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Obstacles And Solutions To Building Energy Efficiency In 2017


A building's energy efficiency can be greatly affected by a property manager's approach, whether they take a short- or long-term view on returns and how energy-efficiency improvements are financed, according to a recent report from IREM.

In April 2016, IREM conducted its first IREM Energy Efficiency Survey. Respondents answered questions on building energy-efficiency practices and perceptions, including the role of the property manager, motivations to invest in energy-efficiency solutions and benchmarking practices. Much of the survey focuses on methods used to determine return on investment and how financial analysis facilitates or impedes building energy efficiency.

IREM recently published a report in collaboration with the Institute for Market Transformation — Building Performance That Pays: Insights from the First IREM Energy Efficiency Survey, which focuses on financial analysis of building energy efficiency. The report includes survey results and interviews with industry experts.

These are the major insights gleaned from the report.


The Role Of The Property Manager In Energy Efficiency

With their boots-on-the-ground perspective, property managers are in a unique position to help buildings make efficiency improvements. They also manage both maintenance and budgetary functions so can align energy and financial gains. Over 75% of survey respondents indicated either building managers or their engineering teams have primary responsibility for day-to-day energy performance. “Efficient operations is why I hire a professional property manager,” vice president of EPN Real Estate Services Nick Stolatis said in the report.

A Detrimental Focus On Simple Payback With Short Returns

Most owners and managers — 71.4% — use simple payback to determine whether energy-efficiency enhancements are worth considering. Shorter returns are preferable — most third-party managers indicated clients require one- to two-year returns, while the majority of portfolio owners said their companies require three- to four-year returns. The report argues this focus on simple payback, and the neglect of deeper financial analysis, impedes investment in energy efficiency.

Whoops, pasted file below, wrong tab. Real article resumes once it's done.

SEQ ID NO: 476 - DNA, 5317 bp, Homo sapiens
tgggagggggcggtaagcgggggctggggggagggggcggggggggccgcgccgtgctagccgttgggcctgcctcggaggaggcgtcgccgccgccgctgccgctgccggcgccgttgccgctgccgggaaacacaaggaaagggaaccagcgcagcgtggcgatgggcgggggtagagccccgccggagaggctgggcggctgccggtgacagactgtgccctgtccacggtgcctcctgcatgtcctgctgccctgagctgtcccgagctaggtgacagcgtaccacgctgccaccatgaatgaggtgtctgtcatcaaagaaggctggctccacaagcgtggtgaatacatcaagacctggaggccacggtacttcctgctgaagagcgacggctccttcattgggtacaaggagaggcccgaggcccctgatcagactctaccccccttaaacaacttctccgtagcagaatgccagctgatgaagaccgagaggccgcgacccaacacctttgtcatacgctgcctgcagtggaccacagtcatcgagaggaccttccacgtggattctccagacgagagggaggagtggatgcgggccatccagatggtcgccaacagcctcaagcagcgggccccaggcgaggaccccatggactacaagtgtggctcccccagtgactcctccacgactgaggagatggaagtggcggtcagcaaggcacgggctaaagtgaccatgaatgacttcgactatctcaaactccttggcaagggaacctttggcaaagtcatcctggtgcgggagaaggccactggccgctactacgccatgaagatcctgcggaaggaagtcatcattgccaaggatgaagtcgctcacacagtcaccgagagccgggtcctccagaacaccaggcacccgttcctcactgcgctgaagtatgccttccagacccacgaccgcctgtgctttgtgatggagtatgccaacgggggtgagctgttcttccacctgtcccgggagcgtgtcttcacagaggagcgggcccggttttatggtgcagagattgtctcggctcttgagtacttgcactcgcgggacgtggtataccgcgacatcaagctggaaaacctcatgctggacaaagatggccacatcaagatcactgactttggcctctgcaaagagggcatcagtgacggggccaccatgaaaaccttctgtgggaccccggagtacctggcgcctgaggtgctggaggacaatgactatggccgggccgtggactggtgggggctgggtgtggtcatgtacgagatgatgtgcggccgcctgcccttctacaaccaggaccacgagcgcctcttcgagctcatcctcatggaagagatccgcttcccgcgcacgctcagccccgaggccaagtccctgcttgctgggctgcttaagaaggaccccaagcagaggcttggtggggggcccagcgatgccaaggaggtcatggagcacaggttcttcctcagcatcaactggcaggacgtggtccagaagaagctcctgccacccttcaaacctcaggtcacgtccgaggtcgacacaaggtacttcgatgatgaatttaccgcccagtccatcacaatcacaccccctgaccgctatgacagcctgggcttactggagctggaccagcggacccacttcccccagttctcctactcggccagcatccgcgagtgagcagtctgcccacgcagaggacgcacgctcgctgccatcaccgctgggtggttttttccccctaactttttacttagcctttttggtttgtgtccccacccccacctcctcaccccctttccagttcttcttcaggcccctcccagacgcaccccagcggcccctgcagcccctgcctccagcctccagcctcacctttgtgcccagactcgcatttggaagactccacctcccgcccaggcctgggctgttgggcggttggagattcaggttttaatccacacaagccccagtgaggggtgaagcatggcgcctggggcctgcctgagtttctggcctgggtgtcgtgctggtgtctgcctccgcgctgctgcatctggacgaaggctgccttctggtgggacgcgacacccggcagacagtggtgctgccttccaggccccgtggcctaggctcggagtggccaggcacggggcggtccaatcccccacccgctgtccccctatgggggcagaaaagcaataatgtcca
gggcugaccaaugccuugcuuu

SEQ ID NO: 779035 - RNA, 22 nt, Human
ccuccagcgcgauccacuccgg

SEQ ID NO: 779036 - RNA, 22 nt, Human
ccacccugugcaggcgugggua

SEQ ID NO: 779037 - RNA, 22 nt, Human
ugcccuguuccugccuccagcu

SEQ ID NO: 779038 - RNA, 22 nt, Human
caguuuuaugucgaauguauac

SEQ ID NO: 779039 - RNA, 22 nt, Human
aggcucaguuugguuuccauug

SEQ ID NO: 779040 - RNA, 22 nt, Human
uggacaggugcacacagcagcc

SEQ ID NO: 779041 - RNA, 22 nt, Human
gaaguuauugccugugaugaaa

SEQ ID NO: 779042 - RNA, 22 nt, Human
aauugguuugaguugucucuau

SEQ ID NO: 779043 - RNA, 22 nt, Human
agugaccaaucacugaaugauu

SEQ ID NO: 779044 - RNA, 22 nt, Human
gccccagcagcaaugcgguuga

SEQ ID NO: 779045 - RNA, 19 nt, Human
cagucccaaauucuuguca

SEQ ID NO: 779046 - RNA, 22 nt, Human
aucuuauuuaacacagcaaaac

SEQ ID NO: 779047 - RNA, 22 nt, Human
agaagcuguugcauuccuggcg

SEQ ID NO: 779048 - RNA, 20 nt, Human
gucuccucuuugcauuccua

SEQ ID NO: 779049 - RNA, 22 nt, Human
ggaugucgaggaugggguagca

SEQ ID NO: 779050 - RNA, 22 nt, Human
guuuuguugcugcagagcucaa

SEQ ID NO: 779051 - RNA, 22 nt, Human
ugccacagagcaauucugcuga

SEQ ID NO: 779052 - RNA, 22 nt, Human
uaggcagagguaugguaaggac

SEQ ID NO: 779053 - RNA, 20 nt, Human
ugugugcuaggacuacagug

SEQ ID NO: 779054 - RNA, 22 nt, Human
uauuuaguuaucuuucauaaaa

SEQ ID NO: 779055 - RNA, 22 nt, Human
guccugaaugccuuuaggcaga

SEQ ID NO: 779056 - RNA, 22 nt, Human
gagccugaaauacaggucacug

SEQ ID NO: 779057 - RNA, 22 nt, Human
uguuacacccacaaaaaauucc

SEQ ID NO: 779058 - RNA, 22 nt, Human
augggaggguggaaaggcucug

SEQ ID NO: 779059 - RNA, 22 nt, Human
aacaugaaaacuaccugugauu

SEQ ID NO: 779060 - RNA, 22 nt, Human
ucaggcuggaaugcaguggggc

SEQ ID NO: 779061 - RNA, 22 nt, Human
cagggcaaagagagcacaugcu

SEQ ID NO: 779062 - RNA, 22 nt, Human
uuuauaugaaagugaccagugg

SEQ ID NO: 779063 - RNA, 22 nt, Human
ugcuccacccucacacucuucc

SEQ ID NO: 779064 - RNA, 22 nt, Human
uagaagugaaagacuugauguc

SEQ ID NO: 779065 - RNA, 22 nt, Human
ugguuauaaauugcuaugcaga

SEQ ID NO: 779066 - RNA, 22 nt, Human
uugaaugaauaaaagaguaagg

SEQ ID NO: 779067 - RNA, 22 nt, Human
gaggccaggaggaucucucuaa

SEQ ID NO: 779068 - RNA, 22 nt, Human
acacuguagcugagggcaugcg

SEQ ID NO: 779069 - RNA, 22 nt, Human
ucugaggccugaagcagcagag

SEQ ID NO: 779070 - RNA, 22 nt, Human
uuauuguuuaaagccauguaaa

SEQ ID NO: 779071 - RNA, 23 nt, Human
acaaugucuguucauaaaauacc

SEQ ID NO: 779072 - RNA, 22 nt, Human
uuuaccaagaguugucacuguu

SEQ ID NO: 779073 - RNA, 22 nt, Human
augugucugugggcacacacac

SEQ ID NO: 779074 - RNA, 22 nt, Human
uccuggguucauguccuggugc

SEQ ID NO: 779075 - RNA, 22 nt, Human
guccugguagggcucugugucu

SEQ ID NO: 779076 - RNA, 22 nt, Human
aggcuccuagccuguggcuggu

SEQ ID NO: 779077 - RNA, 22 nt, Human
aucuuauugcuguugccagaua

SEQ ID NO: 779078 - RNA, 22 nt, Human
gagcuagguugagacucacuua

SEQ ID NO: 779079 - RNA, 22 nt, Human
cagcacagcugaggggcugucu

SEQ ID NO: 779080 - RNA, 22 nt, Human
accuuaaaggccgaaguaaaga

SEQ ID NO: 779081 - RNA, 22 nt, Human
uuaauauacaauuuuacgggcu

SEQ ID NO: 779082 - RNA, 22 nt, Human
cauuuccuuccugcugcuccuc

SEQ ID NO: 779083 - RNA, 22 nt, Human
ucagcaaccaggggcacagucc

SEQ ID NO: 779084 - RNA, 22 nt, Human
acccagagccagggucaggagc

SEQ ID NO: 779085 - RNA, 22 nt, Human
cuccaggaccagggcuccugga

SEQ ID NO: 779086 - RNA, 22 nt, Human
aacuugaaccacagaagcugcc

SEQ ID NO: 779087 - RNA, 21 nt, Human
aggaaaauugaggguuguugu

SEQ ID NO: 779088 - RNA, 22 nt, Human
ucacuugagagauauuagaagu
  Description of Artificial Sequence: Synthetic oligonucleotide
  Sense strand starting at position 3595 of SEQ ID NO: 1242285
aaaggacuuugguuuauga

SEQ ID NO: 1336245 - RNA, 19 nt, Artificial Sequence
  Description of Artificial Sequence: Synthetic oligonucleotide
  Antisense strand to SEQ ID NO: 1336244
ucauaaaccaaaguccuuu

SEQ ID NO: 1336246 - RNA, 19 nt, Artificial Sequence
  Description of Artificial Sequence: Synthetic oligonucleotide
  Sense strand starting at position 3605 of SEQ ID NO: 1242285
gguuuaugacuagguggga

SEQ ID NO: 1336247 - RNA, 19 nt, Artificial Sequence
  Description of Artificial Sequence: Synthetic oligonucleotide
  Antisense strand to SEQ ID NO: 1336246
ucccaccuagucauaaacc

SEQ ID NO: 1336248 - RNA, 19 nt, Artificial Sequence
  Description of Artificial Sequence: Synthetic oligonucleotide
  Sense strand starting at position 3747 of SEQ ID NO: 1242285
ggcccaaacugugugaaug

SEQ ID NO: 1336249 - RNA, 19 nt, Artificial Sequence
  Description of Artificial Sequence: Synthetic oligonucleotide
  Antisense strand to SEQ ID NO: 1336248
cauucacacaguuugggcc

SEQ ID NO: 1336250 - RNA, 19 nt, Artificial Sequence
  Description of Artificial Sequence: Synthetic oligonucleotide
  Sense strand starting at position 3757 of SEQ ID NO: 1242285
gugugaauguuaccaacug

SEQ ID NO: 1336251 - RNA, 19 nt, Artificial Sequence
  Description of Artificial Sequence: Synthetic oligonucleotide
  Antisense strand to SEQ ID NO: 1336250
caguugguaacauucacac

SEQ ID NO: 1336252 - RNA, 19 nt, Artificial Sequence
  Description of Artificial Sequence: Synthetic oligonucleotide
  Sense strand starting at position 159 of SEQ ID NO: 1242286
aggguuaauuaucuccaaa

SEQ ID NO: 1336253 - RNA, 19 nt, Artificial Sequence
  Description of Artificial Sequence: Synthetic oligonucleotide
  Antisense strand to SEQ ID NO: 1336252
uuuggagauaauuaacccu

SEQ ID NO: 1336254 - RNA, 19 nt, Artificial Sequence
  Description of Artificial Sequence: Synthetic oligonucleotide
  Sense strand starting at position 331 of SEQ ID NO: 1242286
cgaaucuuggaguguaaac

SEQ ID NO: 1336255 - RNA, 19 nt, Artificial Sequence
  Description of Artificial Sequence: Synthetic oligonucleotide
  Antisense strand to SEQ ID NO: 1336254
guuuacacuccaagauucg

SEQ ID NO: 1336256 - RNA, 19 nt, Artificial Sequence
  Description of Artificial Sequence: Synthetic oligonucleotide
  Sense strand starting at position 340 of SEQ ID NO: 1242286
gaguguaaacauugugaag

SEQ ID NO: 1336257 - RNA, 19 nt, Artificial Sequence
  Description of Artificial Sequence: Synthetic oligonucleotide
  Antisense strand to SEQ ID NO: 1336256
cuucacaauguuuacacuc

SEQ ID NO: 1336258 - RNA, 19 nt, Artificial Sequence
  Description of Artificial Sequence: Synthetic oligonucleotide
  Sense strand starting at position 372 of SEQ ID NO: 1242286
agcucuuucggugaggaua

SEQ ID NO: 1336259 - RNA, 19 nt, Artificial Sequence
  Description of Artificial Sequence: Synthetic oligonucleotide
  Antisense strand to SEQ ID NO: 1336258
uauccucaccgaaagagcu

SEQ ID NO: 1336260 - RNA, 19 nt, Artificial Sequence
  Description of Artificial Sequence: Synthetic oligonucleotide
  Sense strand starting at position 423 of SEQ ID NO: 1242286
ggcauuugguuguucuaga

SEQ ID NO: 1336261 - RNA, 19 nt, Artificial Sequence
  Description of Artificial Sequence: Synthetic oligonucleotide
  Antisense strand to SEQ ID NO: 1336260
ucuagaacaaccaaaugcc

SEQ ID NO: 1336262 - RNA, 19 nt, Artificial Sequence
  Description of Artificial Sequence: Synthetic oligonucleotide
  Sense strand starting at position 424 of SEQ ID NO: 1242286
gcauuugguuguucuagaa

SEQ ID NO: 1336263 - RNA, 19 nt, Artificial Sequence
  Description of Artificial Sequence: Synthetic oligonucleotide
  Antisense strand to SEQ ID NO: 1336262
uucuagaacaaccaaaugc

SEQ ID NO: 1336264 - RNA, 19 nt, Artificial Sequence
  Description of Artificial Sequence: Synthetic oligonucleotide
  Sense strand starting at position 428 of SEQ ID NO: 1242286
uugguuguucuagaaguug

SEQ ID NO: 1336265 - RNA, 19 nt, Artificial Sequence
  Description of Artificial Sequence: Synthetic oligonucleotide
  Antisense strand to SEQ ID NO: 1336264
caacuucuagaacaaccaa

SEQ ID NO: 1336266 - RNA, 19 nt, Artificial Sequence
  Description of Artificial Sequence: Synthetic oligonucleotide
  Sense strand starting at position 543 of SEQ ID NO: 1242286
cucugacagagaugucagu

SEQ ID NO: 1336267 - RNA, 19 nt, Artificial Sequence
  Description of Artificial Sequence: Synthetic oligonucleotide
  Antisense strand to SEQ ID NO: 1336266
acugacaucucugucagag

Self-Financing Of Energy Efficiency Investments

A total of 69.7% of survey respondents said their companies used internal financing for energy-efficiency investments. Self-financing significantly surpasses the financing tools now available in the market, including Energy Service Agreements, utility on-bill financing and Property Assessed Clean Energy, or PACE. The report reviews the benefits of external financing, such as when internal capital funds earmarked for energy investments must be used for emergency situations.

Angela Aeschliman, senior vice president of property and asset management for The Missner Group, cites one scenario in the report: “[Y]ou have an unexpected vacancy and the money you had in reserve goes to leasing commissions or tenant improvements. You must keep the energy projects in the forefront, but it’s very difficult to do in the face of an emergency.”

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Possible Solutions To Energy-Efficiency Barriers

The report presents possible solutions to energy-efficiency barriers — some may require changing longtime industry practices and could create controversy should the industry take them up for debate. For example, industry experts in the report discuss a larger recognition of energy efficiency’s role in the fiduciary duty of third-party real estate managers. This suggestion puts clear responsibility on property managers, to a wider degree than currently required, to consider energy efficiency when meeting asset investment goals.

The report suggests greater decision-making power for third-party managers to make energy-efficiency investments. Despite their responsibility for day-to-day energy performance, financial controls limit the ability of property managers to make these investments and achieve greater efficiency gains. 

To read the report from this Bisnow content partner, click here.